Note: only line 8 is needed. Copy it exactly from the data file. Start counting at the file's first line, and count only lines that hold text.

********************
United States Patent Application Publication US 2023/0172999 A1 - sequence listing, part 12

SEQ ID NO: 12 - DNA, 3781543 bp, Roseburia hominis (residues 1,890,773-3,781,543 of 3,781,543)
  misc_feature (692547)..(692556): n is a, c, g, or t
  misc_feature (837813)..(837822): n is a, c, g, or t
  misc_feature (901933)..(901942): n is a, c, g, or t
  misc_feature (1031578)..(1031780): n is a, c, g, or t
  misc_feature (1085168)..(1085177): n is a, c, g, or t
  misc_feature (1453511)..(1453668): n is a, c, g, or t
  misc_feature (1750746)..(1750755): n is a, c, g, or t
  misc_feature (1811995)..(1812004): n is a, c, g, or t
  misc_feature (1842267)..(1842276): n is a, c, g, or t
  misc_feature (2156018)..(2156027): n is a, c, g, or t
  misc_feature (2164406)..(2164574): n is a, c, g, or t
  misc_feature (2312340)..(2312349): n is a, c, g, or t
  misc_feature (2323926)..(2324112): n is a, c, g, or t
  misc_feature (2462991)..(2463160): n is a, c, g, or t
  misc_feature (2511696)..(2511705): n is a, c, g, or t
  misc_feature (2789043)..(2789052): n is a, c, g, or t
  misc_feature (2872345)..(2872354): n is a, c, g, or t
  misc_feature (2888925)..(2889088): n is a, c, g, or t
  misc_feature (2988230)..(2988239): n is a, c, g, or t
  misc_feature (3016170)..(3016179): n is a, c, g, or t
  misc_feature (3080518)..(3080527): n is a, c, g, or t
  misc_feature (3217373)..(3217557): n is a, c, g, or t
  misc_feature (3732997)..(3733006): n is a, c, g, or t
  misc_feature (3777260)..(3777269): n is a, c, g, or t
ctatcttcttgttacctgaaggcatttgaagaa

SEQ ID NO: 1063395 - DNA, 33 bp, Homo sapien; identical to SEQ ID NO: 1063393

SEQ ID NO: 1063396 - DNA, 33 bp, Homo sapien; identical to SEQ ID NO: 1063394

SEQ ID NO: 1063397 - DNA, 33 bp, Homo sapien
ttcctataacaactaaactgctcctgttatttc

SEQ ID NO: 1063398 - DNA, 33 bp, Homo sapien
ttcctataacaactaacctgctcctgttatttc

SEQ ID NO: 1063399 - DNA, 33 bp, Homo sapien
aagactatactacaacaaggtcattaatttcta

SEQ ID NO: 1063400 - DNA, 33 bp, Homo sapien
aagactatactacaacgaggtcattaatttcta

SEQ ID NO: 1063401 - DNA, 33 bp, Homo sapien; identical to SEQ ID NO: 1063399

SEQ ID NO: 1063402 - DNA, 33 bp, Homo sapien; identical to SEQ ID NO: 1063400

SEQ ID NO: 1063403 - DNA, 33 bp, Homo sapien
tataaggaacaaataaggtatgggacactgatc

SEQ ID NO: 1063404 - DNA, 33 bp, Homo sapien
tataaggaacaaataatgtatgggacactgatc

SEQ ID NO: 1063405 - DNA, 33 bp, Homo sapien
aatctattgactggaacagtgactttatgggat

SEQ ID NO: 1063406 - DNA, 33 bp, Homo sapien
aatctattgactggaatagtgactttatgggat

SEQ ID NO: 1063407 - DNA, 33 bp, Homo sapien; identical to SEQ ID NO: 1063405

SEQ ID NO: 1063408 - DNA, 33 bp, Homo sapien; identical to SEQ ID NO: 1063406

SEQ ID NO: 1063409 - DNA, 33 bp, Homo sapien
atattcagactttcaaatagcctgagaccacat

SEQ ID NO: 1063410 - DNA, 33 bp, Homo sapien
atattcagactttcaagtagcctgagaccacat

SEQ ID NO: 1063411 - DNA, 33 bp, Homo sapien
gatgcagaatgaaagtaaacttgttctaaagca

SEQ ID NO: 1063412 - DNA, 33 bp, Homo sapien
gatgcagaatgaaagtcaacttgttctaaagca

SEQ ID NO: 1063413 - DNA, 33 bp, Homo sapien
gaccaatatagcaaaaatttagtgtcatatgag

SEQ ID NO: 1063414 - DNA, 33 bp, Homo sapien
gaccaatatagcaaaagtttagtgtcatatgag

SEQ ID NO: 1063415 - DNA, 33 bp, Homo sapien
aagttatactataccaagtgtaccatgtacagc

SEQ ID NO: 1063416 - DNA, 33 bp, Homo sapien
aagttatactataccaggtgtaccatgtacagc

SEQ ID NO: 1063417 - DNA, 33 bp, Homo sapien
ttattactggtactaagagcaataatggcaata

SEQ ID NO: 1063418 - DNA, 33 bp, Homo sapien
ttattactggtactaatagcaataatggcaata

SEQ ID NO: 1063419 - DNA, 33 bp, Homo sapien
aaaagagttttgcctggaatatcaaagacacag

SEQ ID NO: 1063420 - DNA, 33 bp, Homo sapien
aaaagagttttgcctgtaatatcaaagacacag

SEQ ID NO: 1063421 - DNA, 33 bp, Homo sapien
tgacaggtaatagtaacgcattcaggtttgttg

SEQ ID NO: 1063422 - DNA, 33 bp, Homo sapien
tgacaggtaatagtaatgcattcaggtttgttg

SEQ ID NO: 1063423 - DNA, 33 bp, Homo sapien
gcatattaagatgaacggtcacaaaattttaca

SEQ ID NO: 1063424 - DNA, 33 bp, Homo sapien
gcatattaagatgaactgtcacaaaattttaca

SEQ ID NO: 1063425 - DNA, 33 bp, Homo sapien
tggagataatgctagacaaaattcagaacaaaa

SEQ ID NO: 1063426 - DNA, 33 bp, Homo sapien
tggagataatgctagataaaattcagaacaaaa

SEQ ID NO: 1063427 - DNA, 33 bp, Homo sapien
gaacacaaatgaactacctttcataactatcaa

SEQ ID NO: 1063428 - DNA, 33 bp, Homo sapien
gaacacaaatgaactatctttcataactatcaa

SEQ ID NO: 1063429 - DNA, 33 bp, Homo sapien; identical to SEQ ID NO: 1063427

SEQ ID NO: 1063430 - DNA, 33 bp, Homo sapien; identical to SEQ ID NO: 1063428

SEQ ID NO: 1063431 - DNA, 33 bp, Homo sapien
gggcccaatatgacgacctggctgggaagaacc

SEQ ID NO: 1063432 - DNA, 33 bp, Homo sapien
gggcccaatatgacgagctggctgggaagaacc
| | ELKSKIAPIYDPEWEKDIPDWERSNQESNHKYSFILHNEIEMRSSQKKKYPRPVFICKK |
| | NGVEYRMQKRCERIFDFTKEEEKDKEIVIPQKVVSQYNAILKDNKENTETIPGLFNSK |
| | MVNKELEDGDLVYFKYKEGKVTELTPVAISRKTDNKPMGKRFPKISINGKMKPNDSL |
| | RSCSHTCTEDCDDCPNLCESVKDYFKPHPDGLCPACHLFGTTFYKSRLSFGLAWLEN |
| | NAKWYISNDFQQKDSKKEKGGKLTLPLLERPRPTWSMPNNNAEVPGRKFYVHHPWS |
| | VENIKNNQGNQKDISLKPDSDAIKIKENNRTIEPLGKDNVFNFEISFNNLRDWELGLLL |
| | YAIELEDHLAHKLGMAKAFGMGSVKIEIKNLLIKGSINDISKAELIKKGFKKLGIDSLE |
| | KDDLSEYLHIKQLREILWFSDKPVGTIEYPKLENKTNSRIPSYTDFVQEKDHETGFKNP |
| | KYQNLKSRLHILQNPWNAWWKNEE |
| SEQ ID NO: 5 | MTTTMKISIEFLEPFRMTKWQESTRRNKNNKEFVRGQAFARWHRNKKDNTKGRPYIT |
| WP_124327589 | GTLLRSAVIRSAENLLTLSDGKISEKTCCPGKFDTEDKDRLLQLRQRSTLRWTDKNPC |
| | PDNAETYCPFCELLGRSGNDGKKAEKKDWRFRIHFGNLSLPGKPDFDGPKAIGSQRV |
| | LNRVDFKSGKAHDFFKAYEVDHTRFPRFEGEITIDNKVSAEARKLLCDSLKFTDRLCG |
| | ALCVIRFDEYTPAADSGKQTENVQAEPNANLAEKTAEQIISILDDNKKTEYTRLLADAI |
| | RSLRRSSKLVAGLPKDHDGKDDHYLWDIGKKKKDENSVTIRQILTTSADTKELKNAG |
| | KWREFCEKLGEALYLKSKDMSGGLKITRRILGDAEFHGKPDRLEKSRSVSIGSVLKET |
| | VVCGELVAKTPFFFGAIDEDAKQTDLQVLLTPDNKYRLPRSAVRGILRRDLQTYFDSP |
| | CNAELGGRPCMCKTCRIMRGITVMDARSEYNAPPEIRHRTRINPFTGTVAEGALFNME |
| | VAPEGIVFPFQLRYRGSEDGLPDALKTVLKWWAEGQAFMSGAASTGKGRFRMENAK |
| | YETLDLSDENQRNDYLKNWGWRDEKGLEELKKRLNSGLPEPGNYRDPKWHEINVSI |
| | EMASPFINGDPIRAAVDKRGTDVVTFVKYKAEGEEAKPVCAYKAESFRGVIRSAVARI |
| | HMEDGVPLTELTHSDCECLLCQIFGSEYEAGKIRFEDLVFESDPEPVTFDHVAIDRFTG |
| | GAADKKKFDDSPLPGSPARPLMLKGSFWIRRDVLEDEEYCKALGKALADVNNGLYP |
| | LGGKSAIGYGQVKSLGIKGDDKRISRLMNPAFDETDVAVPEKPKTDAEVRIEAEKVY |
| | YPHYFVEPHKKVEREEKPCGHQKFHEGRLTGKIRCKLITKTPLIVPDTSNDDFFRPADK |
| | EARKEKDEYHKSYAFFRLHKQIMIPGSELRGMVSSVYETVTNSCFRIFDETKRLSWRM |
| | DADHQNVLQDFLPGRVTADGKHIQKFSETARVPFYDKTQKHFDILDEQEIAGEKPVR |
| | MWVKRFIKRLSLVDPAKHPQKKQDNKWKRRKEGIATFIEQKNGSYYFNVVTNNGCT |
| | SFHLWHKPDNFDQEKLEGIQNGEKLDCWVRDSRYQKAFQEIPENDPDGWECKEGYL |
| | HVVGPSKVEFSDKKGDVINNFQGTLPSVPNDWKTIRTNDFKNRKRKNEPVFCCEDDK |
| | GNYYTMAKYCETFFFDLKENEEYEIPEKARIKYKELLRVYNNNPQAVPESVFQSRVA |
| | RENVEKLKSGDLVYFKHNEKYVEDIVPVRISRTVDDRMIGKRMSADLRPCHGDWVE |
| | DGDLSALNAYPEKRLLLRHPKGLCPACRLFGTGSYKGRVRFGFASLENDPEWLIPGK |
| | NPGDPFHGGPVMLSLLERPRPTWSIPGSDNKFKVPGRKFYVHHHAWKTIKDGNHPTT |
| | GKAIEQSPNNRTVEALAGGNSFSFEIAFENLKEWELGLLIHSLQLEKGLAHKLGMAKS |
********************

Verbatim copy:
  misc_feature (1453511)..(1453668): n is a, c, g, or t